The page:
The Fullerton City Council moved item twelve, an update from Chief Hughes about the trial of two former officers acquitted of charges in the death of Kelly Thomas, to the beginning of its meeting agenda tonight. Of the fifty or so members of the public who spoke about the item, nearly a dozen expressed support for civilian oversight of the Fullerton Police Department. Following public comments of the issue, Councilman Bruce Whitaker reminded the audience that he did support a public police commission, and voted against the proposal to hire the Office of Independent Review to provide a lesser model of oversight through outside audits by Michael Gennaco’s OIR.
Councilwoman Jan Flory claimed that the subject was dealt with on two different occasions, and even cited a study session held at the new community center as an example of the council’s consideration of different models of oversight. Readers will recall that the Police Oversight Proposal Committee (POPC) was limited to less than ten minutes to present a model of public oversight following lengthy presentations by the chief of police and Michael Gennaco. Almost no discussion of the proposal took place at that time. There has never been a real public discussion of police oversight by the Fullerton City Council.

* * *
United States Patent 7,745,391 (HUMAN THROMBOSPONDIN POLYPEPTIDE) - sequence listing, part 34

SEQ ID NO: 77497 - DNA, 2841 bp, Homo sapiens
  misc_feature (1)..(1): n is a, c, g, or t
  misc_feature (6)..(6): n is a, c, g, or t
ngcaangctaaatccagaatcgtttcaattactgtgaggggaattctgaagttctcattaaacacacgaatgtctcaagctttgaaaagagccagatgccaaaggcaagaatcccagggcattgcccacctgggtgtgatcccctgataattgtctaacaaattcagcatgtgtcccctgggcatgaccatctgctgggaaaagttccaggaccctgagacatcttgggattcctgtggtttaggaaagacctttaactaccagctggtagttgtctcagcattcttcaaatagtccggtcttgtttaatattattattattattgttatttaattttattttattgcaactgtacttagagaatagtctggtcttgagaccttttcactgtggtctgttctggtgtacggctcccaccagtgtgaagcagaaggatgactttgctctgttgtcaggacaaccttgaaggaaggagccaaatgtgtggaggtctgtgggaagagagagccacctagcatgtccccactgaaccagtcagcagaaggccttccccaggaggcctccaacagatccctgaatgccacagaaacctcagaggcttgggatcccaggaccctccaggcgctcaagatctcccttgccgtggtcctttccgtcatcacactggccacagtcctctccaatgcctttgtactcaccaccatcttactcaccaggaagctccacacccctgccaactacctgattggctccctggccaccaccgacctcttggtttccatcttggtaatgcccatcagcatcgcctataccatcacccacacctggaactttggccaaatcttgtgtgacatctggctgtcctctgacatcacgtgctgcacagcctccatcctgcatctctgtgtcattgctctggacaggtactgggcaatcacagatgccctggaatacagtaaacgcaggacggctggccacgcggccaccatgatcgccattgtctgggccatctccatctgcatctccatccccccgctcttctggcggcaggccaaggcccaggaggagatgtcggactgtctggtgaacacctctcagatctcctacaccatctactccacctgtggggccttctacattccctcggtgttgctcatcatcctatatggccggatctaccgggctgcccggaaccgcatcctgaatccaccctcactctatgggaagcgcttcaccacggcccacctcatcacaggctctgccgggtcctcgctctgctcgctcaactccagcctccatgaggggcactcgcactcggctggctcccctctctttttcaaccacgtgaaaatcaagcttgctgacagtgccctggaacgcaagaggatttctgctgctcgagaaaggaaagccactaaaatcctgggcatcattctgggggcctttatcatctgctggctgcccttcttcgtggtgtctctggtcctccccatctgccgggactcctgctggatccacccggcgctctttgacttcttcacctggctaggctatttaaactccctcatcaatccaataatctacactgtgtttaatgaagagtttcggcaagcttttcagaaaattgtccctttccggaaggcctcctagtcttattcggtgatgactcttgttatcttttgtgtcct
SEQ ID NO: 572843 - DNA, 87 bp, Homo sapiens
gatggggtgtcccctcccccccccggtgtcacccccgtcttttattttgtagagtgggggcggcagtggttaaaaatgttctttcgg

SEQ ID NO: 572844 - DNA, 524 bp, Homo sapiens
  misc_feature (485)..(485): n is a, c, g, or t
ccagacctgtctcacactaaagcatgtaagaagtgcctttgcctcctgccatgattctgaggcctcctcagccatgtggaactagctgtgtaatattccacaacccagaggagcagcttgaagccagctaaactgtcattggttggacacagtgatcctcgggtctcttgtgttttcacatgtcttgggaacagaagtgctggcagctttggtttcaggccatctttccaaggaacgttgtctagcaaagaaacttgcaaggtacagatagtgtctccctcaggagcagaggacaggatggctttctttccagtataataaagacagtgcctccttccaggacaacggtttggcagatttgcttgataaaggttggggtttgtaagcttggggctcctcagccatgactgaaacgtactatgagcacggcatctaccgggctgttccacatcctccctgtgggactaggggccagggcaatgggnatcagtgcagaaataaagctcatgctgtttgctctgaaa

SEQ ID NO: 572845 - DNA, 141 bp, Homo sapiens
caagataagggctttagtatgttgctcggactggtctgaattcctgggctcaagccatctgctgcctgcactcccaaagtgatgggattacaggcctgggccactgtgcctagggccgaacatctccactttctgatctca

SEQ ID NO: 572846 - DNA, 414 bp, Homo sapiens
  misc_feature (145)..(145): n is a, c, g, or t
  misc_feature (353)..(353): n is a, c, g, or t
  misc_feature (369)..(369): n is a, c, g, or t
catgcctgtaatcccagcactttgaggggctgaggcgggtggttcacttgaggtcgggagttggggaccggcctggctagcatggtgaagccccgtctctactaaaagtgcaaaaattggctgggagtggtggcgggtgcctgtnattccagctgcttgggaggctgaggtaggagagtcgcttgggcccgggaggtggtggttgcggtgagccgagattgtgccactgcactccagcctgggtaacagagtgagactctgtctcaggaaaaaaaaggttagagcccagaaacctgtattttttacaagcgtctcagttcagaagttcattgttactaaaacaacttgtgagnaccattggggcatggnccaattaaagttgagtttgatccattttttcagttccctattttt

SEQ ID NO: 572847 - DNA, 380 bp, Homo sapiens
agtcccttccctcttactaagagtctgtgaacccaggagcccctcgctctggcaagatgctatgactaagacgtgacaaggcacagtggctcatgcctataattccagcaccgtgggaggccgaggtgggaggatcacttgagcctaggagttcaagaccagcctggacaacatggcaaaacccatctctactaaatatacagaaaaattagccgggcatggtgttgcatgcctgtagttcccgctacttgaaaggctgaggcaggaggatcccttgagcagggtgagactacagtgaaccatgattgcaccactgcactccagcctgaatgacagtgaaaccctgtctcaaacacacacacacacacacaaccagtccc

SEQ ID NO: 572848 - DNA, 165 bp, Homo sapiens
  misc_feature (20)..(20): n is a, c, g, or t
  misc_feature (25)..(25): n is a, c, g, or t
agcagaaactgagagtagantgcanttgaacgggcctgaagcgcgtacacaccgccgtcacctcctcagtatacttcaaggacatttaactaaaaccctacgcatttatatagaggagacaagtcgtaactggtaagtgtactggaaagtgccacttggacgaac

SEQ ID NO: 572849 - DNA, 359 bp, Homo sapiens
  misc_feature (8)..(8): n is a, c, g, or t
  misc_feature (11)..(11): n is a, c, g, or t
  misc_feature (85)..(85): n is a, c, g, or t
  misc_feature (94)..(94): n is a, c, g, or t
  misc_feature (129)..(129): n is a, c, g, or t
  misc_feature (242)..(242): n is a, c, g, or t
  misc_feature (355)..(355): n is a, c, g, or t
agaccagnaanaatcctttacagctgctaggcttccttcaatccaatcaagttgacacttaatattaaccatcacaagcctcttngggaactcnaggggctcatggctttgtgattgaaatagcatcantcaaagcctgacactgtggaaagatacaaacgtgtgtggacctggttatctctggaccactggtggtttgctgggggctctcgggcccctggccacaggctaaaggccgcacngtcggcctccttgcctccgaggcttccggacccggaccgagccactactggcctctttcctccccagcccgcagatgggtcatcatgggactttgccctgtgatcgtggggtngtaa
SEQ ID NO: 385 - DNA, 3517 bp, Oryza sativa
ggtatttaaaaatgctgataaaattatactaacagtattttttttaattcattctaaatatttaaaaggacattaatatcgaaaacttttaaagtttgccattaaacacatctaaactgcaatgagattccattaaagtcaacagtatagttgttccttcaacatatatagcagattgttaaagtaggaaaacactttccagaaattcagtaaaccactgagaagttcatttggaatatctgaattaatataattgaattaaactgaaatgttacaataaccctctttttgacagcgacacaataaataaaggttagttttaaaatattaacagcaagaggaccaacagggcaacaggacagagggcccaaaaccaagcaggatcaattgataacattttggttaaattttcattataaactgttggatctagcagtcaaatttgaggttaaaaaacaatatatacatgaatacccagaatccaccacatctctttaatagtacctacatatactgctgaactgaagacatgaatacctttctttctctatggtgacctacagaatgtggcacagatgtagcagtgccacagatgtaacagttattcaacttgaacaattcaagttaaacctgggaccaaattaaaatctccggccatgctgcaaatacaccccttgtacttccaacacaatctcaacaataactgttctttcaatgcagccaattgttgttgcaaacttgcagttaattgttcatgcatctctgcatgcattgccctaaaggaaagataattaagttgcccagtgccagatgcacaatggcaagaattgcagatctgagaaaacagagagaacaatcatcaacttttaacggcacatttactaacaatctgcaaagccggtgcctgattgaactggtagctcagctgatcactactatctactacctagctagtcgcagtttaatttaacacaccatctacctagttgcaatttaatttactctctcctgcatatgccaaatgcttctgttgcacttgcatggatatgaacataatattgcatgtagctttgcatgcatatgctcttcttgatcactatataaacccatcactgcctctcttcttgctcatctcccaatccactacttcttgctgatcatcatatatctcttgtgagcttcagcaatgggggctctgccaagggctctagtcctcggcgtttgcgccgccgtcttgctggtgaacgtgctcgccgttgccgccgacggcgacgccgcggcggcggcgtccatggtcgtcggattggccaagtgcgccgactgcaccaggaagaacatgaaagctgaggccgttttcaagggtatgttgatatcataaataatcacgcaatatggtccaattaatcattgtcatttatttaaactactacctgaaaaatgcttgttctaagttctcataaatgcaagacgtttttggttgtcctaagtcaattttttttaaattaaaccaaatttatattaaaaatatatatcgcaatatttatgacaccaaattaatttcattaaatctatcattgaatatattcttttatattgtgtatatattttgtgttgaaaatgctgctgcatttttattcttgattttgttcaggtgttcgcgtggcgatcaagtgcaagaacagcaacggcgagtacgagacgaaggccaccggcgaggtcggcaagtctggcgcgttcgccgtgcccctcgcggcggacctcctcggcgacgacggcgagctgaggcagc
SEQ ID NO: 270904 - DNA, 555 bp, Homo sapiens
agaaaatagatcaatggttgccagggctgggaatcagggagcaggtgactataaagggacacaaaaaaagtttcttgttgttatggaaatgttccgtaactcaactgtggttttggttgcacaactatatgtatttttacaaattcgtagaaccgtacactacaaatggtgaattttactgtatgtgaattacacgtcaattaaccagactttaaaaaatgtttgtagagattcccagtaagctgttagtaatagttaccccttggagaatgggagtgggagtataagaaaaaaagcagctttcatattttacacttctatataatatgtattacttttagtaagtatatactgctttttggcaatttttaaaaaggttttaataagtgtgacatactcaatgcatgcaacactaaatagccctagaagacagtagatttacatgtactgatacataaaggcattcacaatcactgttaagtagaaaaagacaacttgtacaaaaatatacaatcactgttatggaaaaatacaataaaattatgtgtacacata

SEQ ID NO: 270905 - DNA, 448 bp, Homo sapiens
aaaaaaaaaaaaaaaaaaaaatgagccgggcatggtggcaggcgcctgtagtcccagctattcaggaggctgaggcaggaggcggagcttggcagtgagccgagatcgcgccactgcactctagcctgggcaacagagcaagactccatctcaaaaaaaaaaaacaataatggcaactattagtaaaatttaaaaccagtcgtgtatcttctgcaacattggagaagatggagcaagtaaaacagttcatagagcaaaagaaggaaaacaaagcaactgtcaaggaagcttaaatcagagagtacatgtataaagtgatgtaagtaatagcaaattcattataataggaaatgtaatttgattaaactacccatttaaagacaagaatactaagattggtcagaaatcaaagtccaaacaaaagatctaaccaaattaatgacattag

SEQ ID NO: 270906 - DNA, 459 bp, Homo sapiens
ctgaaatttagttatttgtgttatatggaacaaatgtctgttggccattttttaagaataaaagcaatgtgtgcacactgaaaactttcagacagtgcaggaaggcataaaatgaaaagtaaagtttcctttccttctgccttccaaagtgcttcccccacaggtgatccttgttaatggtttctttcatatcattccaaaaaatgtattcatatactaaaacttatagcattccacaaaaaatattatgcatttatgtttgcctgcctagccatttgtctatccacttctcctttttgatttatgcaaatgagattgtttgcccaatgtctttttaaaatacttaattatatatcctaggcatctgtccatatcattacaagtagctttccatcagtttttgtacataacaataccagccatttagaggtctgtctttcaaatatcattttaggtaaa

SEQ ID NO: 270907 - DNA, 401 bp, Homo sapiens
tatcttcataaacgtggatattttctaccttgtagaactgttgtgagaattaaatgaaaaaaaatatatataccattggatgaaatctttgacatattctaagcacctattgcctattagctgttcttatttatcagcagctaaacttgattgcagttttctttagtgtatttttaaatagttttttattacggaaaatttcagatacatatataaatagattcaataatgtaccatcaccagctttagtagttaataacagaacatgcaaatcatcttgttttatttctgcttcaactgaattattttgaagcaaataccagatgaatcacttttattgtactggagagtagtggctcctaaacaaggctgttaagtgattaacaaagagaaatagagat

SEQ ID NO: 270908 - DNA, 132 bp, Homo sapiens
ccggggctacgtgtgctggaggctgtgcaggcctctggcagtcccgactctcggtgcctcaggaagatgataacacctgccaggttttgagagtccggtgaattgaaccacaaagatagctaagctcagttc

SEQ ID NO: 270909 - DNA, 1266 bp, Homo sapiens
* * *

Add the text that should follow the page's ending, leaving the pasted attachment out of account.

Readers will also recall that Ms. Flory was supported by the Fullerton Police Officers Association in the 2012 elections. The FPOA spent tens of thousands of dollars to ensure that they elected a candidate who would privilege their priorities over the interests of the public.
Ms. Flory claimed that the POPC proposal was in conflict with state legislation that protects police officers, and that the council was advised by lawyers that they should not adopt a civilian police commission.
Of course, The Peace Officers Bill of Rights does severely limit the public’s access to information about police misconduct, making real oversight somewhat complicated. But such civilian oversight is certainly not impossible, and is vital to a community where people can be beaten in the streets by the police and be found guilty of nothing by a jury.
Councilwoman Flory ought to take the public’s demands for civilian oversight more seriously. If she thinks state law is standing In the way of it, we will expect her leadership in efforts to change that law. We request that she contact our state legislators on behalf of the people of Fullerton to reform POBR.